(WXYZ) - The Kilpatrick corruption trial resumed Thursday – and the focus was entirely on the former mayor’s father.
Federal prosecutors are trying to show the jury that Bernard Kilpatrick cheated on his taxes.
It was a day of IRS Agents and accountants testifying at length about Bernard Kilpatrick’s tax forms and bank accounts.
It may not have been the most riveting testimony the jury in the Kilpatrick corruption case has had to hear on this 47th day of trial, but the tax charges are a key part of the case against the former mayor’s father.
Federal prosecutors allege Bernard Kilpatrick cheated the IRS by failing to pay more than $184,000 in taxes for three different years.
Former Detroit mayor Kwame Kilpatrick, his father, and his friend Bobby Ferguson are on trial, accused of running a criminal enterprise out of city hall.
On Thursday, the jury heard from the accountant who prepared Bernard Kilpatrick’s business and personal tax returns – and they also heard from her boss, Alan C. Young.
“We did what we were supposed to do, so it’s up to them now to figure out what is what,” Young told reporters outside the federal courthouse.
Both accountants said they did not know about the $123,700 in cash that was deposited into Kilpatrick’s bank account for one of the tax years in question.
But defense attorney John Shea was quick to point out that the accountants would have no way of knowing whether those deposits came from loans, gifts, gambling winnings, an inheritance or other things that wouldn’t be considered income.
“There are concepts of intent, and knowledge, and willfulness, that the jury is going to have to wrestle with when it comes to determining if someone has committed a crime, as opposed to it being miscommunication,” Shea said.
Shea painted his client as unorganized when it came to getting his materials to his accountants, as opposed to being an alleged tax cheat.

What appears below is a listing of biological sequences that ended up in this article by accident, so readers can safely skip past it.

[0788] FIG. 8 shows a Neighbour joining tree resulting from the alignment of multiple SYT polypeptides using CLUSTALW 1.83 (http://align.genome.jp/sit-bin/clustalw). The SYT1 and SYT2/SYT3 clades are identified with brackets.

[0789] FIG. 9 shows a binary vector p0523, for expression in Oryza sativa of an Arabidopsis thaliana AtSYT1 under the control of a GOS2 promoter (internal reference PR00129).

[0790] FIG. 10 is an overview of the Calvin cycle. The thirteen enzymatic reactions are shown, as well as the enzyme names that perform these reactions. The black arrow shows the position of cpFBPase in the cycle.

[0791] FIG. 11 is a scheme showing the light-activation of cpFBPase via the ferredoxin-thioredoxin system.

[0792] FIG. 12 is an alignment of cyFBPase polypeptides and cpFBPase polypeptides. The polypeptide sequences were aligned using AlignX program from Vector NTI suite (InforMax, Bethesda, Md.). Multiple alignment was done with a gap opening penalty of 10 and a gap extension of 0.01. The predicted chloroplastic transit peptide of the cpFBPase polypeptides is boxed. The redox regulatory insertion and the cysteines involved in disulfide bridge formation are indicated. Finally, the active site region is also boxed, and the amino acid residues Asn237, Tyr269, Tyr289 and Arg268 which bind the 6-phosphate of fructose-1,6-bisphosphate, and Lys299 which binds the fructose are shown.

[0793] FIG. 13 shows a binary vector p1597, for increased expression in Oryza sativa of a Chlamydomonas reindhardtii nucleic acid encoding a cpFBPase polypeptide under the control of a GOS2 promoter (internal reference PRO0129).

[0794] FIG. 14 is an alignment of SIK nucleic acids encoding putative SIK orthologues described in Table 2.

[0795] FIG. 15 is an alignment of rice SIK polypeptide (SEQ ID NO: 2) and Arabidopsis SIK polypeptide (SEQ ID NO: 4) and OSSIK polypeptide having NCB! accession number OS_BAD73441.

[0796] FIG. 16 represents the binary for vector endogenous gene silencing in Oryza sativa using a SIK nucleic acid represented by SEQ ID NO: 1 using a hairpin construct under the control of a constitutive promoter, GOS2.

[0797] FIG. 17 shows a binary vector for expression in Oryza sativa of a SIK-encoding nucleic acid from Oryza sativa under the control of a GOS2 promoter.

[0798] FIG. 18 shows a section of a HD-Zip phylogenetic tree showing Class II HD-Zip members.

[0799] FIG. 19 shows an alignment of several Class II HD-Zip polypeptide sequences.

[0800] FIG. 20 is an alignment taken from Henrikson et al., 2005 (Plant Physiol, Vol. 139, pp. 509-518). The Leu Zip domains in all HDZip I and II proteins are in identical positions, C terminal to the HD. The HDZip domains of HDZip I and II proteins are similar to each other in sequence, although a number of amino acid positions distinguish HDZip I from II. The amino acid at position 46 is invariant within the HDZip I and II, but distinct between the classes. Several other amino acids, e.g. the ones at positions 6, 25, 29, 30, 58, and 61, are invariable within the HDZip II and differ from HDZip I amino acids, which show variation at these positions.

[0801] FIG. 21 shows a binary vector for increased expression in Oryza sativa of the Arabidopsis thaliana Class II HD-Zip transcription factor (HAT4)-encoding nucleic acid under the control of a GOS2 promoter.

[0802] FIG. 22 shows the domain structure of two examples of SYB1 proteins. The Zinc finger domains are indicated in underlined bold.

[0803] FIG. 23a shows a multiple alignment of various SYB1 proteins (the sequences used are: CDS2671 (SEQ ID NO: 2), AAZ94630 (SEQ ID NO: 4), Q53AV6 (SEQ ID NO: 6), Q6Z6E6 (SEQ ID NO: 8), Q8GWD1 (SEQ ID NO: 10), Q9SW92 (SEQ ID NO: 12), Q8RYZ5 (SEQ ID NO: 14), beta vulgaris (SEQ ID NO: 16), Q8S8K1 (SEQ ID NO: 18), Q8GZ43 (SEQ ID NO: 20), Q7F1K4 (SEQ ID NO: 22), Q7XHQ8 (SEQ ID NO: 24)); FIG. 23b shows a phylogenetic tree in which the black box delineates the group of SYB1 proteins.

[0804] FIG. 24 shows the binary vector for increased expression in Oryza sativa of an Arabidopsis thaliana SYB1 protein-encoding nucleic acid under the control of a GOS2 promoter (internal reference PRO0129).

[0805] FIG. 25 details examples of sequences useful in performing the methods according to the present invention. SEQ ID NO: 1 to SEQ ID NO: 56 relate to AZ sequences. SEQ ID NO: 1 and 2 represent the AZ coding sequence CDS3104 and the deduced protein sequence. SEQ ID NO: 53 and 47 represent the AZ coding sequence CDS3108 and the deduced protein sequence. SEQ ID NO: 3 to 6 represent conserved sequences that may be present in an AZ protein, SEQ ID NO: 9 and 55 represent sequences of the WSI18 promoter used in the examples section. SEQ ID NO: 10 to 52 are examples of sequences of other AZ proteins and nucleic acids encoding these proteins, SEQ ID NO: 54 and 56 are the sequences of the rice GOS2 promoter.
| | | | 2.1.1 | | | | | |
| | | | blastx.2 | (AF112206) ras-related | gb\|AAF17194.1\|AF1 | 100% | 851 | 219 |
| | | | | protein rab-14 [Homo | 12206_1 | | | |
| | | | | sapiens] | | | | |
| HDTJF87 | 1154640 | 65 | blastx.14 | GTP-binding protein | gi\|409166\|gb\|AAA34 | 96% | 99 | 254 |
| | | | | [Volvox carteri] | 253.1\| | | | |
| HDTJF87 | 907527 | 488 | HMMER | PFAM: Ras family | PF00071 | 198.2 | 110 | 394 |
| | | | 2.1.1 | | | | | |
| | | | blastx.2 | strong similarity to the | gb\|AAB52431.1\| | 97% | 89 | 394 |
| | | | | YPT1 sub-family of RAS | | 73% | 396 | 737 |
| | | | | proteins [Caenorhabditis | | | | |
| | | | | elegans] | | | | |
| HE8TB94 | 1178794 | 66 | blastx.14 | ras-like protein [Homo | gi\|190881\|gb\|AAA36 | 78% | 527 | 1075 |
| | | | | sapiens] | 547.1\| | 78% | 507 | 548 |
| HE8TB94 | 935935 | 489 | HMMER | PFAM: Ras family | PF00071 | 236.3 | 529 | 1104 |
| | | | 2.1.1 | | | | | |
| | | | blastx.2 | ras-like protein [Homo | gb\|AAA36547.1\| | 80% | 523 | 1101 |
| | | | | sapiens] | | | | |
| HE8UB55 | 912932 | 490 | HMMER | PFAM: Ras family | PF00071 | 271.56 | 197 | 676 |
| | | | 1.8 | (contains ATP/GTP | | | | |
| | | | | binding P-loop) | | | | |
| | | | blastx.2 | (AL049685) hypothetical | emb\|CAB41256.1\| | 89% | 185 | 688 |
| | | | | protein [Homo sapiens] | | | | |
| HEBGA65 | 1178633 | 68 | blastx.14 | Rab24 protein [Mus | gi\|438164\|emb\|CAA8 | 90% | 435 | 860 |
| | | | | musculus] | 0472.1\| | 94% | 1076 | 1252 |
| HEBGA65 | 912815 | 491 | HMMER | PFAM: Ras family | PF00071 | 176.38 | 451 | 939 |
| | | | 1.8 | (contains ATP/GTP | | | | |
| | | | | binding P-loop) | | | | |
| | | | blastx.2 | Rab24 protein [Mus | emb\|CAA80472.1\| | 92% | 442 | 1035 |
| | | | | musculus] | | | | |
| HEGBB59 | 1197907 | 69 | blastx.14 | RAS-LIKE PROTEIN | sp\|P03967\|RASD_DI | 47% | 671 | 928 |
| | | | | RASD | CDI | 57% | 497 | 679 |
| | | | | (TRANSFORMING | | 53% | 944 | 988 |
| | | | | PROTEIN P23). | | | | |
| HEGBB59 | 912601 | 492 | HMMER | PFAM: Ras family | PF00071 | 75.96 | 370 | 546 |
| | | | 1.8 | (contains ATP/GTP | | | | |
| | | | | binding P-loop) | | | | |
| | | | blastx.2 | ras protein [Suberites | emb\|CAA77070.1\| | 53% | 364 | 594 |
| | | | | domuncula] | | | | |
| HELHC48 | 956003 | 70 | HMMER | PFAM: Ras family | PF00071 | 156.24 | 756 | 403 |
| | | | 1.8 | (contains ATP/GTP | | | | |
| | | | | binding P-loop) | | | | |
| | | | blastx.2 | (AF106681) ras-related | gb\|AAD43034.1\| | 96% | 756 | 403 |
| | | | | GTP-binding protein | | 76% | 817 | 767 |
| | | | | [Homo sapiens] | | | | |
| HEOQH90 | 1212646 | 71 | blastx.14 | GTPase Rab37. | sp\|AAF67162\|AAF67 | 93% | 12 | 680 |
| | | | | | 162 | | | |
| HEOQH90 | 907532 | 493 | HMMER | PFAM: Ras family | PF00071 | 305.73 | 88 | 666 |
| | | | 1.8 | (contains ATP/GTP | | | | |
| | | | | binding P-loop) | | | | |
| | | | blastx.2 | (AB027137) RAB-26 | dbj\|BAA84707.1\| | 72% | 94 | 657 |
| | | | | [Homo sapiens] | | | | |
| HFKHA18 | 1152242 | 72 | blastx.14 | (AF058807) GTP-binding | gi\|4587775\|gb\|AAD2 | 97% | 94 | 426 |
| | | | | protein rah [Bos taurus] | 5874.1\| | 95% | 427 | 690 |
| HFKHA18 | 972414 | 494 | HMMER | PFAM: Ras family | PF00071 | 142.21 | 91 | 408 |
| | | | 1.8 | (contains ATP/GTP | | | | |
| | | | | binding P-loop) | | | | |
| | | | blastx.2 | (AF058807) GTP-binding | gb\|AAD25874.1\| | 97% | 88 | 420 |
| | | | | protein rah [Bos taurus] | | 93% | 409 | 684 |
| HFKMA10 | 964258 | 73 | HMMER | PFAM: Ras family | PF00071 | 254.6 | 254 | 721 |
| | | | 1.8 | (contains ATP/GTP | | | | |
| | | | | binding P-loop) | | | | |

“If there’s an error was it a material error? If there’s an error does it actually relate to unreported income? As opposed to unreported something else that’s not income? Every element of a false tax return case is in play here,” said Shea.
But the IRS agent said she did account for Kilpatrick’s extensive gambling winnings and losses, and that her estimate of the $184,000 in taxes owed was very “conservative.” Agent Rowena Schuch told the jury, “It appears he did not report all of his income.”
Another key issue: why the accounting firm didn’t have a signed authorization form from Bernard Kilpatrick to electronically file his taxes for two of the tax years in question.
Legal experts say for these kinds of tax charges – the feds have to show that Kilpatrick knew what was supposed to be in the tax return and that he filed in falsely on purpose.
It sounds like the defense will use the missing authorization forms to suggest Kilpatrick had no idea what was being sent in to the IRS.
Also, former Kilpatrick aide Derrick Miller is expected to take the stand on Monday. Miller was once a co-defendant in the case, but pleaded guilty in exchange for his testimony against his former childhood friend, Kwame Kilpatrick.
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